It’s all in the language—the importance of drafting construction contracts
Construction disputes are not uncommon, both between the owner and the general contractor and between the general contractor and any subcontractors. Generally, the larger the construction project, the more money is at issue. A recent decision by the Tennessee Court of Appeals, Lasco Inc. v. Inman Construction Corp., highlights the importance of the contract language when disputes arise.
The facts of the case
Lasco involved a subcontractor and a general contractor on a large construction project at the University of Tennessee. A dispute soon arose concerning the installation of fire protection equipment; the contractor notified the subcontractor that it was in breach of the contract. In spite of this dispute, and others along the way, the project was completed. The subcontractor demanded payment and the contractor refused. A suit was filed seeking compensatory damages in the amount of $376,544.95.
The subcontract between the parties provided that any claim arising out of or related to the subcontract would be subject to arbitration. The contract further provided that arbitration would be in accordance with the Construction Industry Arbitration Rules of the American Arbitration Association. This particular provision would turn out to be key in the court’s decision.
The parties participated in arbitration and the arbitrator denied the subcontractor’s claim in its entirety. But the arbitrator did not stop there; he ordered the subcontractor to pay the contractor’s attorney’s fees and costs in the amount of $174,445.65. The subcontractor appealed arguing that the arbitrator exceeded his authority when ordering the payment of such fees.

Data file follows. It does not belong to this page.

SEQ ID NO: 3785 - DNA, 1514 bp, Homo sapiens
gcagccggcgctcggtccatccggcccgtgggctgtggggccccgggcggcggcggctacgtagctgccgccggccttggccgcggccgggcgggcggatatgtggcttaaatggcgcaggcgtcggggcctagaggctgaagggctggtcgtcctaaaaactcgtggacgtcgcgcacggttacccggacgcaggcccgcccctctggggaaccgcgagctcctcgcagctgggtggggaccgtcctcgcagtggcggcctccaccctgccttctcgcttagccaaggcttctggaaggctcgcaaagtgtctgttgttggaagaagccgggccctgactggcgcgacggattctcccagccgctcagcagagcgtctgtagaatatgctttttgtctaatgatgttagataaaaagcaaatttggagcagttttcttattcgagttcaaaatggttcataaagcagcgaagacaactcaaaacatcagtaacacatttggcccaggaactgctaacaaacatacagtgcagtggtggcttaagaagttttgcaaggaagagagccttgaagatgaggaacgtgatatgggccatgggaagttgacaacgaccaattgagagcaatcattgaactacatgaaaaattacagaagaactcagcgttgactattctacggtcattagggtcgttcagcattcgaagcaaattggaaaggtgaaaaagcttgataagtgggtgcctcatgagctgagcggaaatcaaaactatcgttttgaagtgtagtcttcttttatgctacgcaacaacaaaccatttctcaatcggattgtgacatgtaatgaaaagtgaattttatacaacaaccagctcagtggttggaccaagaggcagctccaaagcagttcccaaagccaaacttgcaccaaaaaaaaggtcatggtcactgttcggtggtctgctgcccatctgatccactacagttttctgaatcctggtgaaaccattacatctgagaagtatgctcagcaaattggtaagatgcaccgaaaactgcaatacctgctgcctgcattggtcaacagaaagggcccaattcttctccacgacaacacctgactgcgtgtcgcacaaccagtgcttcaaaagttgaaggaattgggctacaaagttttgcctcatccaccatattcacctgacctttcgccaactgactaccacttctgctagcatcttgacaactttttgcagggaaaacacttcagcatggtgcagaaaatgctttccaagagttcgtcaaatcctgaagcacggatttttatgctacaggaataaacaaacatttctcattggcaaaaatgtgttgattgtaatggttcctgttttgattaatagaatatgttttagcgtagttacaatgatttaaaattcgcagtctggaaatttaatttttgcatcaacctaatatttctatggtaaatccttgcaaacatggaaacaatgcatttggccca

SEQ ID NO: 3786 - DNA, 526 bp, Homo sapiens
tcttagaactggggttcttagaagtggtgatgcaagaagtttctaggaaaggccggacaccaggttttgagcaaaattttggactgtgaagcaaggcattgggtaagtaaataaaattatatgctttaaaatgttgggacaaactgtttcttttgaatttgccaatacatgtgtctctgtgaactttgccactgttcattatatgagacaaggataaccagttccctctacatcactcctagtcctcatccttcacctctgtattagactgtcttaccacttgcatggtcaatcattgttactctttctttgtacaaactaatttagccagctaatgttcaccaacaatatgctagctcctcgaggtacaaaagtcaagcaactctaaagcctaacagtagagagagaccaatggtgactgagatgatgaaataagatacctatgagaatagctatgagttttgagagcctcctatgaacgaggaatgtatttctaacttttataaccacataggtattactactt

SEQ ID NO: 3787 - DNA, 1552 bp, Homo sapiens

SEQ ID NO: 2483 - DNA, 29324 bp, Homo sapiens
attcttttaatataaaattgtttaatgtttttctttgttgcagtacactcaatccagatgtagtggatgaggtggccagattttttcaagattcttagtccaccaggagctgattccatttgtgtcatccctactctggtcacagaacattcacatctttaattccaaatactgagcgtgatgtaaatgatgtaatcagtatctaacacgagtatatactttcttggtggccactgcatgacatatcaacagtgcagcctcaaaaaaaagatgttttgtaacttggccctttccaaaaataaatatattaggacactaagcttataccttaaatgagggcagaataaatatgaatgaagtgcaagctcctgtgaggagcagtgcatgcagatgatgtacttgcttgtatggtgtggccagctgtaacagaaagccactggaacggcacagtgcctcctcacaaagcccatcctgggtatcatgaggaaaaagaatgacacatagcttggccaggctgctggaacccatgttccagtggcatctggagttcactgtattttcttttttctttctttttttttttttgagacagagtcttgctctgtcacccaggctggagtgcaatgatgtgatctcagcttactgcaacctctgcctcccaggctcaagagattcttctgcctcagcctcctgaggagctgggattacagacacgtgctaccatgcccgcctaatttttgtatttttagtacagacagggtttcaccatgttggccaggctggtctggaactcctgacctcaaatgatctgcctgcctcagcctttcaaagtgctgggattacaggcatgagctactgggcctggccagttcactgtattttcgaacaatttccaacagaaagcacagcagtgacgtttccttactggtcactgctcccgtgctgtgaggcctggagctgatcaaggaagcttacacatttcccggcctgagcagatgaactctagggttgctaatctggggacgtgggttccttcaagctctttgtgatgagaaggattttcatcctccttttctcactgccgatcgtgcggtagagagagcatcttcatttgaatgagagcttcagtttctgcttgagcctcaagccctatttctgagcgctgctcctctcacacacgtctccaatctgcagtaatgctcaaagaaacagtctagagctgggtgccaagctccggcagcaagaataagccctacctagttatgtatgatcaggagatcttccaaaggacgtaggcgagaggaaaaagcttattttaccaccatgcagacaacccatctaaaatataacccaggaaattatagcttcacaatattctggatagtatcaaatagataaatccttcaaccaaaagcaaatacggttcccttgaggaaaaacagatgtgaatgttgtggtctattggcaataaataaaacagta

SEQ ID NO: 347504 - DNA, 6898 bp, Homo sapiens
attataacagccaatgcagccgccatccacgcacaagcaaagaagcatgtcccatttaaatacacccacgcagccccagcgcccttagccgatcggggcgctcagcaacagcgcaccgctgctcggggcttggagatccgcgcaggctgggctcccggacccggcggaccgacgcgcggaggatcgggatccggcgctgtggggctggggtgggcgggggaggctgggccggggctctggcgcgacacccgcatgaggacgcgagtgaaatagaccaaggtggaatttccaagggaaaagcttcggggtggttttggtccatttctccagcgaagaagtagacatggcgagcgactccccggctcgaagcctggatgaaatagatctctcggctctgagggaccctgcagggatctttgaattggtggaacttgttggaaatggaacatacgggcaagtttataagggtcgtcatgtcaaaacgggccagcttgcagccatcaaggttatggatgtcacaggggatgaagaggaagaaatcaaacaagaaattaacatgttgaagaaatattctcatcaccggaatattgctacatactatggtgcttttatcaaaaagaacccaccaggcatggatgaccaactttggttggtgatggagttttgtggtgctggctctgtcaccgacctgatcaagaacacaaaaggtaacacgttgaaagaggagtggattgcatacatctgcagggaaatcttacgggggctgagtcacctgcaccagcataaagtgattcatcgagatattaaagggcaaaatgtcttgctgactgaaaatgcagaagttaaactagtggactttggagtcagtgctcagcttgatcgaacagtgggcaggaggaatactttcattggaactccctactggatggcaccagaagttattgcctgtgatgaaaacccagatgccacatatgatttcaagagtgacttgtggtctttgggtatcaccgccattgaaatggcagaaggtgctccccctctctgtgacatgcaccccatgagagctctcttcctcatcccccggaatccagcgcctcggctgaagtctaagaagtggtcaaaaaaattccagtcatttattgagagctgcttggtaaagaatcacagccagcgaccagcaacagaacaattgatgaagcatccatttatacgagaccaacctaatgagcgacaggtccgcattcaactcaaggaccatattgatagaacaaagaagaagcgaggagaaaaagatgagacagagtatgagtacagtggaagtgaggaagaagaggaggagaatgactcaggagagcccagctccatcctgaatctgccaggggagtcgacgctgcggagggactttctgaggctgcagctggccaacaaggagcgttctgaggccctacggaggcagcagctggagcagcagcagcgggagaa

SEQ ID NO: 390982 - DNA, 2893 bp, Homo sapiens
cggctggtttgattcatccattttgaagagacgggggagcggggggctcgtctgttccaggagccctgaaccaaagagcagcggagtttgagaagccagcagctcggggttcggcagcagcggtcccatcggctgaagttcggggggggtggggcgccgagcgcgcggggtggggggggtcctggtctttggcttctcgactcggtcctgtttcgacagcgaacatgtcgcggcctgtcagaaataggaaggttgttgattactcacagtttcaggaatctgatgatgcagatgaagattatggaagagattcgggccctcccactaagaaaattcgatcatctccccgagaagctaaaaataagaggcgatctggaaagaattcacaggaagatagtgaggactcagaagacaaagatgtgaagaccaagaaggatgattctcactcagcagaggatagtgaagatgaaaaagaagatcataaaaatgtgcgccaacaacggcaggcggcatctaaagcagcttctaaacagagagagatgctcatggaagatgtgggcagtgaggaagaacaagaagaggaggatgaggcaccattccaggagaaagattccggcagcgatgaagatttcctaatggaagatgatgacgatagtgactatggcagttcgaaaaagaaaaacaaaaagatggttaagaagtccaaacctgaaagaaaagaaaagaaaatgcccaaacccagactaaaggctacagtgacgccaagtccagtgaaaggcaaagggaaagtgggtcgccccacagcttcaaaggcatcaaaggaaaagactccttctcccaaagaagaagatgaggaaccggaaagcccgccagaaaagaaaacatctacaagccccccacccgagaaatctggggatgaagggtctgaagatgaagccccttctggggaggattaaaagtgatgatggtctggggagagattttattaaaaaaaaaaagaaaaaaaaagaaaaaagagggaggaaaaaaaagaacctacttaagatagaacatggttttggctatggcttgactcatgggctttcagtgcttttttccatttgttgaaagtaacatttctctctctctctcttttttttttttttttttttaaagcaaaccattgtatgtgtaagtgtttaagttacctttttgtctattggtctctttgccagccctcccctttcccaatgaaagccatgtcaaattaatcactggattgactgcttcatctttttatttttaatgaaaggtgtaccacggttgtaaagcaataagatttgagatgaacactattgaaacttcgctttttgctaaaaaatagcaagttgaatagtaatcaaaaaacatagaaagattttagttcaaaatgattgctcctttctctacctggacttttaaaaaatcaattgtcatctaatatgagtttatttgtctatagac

The language in the contract makes the difference
In the earlier Tennessee Supreme Court decision of Arnold v. Morgan Keegan & Co. explained, Tennessee’s adoption of the Uniform Arbitration Act limited a court’s role to review arbitrators’ decisions to certain statutory provisions. The Supreme Court there held that arbitrators go beyond their powers when they exceed the authority granted by the arbitration agreement. Thus, the s cope of an arbitrator’s authority “is determined by the terms of the agreement between the parties which includes the agreement to arbitrate the dispute.” In an earlier case, D & E Constr. Co., Inc. v. Robert J. Denley Co., Inc., the Supreme Court found that contract language that submitted all claims or disputes arising out of or relating to the contract, or the breach thereof to arbitration, similar to the present case, did not give the arbiter the authority of award attorney’s fees and costs.
However, while the subcontract in this case contained such language, it also specifically provided that it would be governed by the Construction Industry Arbitration Rules. Therefore, the arbitrator was entitled to consider the provisions of these rules in deciding whether attorney’s fees were authorized by the parties’ agreement. Rule 45 of those rules provides that an award may “include … an award of attorney’s fees if all the parties have requested such an award.” As it turned out, both parties clearly requested that attorney’s fees be awarded to them in the arbitration proceeding. Thus, the arbitrator’s award was upheld and the subcontractor was on the hook.
Seeking experienced legal counsel
The language of any construction contract is very important in dealing with construction disputes and how such disputes are handled and can have a profound effect on the outcome. Had the subcontractor in Lasco not requested attorney’s fees, he might well have saved himself $174,455.65. The representation of an experienced Tennessee construction lawyer in drafting construction agreements and representing parties in a dispute is vitally important.